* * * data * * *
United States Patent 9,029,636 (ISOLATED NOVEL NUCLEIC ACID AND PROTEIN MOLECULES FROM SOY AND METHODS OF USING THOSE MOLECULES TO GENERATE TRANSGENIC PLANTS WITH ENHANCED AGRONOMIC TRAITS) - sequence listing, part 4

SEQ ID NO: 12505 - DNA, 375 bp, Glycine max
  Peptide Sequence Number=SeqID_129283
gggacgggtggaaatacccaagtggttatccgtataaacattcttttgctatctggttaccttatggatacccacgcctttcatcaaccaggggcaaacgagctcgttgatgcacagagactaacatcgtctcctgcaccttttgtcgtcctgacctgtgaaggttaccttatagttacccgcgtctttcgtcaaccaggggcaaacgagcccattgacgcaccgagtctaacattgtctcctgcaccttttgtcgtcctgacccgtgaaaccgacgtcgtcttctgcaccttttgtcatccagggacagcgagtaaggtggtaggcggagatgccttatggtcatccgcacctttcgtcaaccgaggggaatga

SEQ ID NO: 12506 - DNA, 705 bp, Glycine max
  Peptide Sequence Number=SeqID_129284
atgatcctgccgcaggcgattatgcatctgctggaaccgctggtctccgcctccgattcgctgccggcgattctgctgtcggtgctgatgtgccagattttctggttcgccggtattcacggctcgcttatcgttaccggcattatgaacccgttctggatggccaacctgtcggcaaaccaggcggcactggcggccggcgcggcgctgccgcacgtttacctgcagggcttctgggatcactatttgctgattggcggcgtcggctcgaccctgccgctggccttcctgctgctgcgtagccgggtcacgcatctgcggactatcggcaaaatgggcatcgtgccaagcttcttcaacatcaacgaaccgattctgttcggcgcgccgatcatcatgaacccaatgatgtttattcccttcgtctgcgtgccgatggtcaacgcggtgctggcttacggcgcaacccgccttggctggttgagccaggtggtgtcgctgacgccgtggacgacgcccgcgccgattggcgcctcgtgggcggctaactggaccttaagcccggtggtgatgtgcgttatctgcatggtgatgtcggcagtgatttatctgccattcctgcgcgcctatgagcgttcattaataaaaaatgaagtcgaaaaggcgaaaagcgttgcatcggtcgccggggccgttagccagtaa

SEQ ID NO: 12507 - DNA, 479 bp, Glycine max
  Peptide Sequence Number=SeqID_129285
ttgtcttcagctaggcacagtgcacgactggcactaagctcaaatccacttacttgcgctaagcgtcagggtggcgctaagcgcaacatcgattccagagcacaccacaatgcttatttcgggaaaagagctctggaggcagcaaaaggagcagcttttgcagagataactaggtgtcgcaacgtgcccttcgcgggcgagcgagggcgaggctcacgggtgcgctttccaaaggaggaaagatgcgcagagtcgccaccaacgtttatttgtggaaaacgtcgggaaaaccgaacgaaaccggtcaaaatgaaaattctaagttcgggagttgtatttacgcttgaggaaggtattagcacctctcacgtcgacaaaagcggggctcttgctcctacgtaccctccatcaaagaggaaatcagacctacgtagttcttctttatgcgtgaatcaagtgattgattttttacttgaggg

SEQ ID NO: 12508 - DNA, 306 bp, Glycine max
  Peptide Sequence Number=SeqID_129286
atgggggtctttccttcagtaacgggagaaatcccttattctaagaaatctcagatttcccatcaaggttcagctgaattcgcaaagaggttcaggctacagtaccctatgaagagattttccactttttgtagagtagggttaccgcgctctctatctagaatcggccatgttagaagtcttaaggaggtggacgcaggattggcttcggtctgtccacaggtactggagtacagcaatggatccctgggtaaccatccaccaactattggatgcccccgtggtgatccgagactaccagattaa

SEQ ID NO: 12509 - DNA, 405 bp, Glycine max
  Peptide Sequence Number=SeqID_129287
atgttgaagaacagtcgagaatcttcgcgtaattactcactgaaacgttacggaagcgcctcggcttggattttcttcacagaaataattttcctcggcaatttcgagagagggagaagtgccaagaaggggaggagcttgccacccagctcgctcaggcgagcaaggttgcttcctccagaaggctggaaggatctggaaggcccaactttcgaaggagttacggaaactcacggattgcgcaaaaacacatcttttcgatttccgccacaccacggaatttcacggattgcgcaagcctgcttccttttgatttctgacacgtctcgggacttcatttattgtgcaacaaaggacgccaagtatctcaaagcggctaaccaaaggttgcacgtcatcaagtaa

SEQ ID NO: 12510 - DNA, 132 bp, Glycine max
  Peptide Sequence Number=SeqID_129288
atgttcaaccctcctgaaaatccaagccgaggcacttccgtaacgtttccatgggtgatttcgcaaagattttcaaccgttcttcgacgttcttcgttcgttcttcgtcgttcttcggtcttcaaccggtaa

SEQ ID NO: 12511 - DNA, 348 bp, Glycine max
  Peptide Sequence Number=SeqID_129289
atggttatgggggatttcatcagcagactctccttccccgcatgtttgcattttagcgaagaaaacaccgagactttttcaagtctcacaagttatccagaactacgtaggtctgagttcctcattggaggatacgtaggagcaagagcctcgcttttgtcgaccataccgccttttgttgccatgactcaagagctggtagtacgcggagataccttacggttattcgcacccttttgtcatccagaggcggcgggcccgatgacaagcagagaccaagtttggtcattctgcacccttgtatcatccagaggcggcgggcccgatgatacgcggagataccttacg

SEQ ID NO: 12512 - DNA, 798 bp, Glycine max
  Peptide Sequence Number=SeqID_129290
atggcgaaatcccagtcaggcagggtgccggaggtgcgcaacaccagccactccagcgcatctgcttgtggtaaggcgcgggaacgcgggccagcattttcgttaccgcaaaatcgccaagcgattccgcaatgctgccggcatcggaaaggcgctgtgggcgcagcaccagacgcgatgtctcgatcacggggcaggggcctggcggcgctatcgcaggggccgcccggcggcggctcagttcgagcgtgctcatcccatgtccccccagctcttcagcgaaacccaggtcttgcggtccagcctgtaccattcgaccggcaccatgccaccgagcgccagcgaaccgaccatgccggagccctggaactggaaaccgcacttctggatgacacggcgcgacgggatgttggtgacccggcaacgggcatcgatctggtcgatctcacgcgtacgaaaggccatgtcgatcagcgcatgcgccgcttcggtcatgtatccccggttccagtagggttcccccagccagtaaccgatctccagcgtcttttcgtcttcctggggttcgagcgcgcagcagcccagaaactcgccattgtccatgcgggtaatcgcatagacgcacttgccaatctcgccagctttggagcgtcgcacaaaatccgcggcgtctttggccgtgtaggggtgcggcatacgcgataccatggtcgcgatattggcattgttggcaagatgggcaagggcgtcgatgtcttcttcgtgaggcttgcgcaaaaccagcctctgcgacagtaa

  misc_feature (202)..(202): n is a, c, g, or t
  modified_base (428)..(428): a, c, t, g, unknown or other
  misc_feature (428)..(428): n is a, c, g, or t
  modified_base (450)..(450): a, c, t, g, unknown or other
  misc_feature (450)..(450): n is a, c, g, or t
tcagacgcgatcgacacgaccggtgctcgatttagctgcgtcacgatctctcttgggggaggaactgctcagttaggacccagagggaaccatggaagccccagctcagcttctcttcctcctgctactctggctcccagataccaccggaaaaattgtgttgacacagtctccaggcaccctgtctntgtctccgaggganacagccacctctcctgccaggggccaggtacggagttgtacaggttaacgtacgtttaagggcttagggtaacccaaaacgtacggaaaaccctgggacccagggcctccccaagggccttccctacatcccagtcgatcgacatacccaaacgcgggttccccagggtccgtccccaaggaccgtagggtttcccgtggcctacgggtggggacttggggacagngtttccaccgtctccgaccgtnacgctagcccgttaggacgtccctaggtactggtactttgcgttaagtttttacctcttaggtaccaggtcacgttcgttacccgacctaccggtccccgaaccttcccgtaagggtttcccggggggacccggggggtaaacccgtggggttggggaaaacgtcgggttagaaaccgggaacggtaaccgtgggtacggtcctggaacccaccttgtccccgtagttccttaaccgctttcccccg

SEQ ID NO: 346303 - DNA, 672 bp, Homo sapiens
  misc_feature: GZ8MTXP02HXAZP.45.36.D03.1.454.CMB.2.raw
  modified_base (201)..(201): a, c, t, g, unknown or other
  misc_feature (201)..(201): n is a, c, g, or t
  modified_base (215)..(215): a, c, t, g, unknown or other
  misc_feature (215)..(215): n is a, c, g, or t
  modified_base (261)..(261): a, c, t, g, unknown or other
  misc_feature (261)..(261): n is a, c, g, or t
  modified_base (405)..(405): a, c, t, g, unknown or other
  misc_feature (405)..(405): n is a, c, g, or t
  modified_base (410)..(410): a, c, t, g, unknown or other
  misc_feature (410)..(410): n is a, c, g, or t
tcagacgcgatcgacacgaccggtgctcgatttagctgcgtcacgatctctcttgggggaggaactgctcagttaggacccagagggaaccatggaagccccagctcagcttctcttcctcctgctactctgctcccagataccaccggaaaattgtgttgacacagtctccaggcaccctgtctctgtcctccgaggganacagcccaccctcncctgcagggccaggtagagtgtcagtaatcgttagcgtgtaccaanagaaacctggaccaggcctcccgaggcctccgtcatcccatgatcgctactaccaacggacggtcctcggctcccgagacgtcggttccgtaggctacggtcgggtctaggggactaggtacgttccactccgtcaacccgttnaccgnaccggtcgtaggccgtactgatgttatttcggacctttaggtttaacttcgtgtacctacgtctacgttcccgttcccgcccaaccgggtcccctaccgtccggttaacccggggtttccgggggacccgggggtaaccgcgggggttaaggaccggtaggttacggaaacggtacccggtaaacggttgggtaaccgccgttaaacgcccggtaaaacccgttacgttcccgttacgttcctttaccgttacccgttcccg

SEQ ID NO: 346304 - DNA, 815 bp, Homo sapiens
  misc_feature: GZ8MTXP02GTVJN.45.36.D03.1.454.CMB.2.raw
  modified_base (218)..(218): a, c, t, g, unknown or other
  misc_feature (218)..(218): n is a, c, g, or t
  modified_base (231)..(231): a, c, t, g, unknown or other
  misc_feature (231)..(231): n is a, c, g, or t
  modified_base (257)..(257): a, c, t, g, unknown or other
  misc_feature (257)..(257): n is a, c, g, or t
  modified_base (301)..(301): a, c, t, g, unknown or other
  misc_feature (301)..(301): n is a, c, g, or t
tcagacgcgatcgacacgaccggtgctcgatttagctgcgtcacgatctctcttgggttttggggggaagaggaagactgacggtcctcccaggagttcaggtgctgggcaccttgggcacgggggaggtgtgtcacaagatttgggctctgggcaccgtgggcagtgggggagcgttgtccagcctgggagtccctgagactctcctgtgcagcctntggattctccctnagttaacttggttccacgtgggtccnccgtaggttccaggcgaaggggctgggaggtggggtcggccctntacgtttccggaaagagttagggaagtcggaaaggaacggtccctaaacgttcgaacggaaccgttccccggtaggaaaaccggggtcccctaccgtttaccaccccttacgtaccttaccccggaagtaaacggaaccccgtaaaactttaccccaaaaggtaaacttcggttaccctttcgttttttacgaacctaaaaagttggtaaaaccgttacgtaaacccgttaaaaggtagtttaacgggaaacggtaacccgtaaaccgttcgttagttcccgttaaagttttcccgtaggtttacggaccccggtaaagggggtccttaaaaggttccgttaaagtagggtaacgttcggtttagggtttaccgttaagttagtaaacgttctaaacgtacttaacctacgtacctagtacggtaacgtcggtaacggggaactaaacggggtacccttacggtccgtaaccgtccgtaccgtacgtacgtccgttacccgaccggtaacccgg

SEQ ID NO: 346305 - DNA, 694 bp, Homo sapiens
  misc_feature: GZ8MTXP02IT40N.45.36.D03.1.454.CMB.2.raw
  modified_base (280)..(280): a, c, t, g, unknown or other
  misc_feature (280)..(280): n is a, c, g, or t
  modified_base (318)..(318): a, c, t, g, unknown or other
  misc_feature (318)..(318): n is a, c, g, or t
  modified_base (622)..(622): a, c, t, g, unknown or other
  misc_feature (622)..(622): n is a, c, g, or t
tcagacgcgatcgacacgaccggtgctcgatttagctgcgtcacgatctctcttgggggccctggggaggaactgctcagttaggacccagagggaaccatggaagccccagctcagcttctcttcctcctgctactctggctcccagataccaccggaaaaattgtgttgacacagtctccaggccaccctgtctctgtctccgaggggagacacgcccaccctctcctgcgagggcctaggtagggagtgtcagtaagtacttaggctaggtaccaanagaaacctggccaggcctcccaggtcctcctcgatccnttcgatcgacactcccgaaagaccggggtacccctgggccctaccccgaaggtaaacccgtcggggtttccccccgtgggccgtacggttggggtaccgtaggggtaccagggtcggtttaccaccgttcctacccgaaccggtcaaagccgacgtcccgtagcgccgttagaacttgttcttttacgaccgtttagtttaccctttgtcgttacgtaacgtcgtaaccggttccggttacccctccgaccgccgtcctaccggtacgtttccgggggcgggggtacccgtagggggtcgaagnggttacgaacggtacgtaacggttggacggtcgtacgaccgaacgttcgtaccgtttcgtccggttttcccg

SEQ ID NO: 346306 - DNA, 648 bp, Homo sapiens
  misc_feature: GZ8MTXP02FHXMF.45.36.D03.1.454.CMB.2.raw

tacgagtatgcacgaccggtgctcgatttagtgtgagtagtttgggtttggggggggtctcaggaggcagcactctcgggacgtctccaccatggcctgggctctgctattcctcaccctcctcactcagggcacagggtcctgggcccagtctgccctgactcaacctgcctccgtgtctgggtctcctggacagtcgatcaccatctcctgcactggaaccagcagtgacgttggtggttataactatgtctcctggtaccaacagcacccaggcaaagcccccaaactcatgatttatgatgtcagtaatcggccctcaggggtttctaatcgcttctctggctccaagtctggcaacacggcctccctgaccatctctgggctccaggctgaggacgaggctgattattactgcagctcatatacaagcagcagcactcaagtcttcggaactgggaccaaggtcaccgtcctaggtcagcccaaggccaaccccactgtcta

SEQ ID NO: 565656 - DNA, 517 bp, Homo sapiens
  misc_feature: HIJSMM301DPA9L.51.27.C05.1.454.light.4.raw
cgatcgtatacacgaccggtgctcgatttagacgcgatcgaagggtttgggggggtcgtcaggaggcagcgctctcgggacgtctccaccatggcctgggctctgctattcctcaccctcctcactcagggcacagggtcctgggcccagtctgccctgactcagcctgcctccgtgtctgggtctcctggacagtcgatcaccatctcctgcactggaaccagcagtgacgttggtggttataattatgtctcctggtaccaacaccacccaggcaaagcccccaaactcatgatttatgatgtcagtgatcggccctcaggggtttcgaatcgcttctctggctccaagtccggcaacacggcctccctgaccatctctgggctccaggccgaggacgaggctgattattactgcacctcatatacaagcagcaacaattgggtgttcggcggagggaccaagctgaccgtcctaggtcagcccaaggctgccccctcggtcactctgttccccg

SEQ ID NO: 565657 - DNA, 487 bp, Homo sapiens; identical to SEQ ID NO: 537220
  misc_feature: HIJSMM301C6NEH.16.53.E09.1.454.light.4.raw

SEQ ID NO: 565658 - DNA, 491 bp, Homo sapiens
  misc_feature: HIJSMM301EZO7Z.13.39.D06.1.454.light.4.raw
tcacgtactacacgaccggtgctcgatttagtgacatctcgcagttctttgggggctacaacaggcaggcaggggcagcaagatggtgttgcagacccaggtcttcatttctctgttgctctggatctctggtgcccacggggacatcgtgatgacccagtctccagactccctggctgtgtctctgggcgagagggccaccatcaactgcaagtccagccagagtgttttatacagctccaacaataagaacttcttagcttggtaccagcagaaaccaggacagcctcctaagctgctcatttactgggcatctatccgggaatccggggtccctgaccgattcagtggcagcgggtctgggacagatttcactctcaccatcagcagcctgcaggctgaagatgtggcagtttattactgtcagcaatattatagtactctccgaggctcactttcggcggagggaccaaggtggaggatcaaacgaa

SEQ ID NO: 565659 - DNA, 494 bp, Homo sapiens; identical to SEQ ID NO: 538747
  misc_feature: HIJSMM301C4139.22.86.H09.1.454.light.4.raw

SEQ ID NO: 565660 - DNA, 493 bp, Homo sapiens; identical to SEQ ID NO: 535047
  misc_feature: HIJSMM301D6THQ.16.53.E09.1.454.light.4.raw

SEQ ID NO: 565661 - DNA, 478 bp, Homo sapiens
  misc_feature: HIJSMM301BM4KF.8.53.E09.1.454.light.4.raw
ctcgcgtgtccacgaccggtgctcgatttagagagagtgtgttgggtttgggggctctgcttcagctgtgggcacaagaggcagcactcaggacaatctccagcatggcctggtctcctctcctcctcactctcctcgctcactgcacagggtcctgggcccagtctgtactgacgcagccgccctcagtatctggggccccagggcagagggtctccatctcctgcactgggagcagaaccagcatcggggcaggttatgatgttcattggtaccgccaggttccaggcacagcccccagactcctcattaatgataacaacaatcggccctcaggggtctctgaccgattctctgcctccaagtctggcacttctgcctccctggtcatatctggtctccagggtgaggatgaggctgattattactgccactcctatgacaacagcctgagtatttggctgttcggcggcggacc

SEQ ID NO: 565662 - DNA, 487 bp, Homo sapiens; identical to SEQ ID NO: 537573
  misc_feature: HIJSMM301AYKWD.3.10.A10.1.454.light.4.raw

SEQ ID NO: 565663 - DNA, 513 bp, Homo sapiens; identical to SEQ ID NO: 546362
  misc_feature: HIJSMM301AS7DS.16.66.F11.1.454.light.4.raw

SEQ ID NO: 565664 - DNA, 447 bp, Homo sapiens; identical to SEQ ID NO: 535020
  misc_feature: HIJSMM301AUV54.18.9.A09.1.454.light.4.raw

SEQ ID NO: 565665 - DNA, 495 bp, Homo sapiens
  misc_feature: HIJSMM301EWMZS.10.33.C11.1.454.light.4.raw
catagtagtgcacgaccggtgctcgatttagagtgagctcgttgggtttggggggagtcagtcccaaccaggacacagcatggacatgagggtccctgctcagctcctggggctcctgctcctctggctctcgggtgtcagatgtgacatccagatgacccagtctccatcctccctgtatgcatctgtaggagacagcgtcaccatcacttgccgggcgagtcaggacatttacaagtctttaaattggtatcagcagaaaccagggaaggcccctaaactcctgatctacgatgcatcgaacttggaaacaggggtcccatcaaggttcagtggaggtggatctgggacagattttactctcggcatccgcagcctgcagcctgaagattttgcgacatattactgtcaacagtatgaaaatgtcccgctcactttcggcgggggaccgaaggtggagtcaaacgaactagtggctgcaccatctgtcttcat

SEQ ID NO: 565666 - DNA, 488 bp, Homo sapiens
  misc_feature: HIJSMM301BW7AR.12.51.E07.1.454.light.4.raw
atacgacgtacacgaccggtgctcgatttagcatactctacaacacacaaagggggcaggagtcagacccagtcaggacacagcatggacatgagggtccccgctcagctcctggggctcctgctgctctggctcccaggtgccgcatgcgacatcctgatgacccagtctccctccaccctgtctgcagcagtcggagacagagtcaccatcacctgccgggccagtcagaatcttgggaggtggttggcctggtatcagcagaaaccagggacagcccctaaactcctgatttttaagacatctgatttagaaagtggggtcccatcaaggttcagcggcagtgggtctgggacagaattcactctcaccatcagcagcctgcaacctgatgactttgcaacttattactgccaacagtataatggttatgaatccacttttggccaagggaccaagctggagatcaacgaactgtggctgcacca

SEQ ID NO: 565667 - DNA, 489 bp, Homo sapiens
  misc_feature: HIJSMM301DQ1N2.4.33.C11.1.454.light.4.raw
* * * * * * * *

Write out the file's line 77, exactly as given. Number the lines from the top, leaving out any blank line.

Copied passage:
  misc_feature: HIJSMM301C4139.22.86.H09.1.454.light.4.raw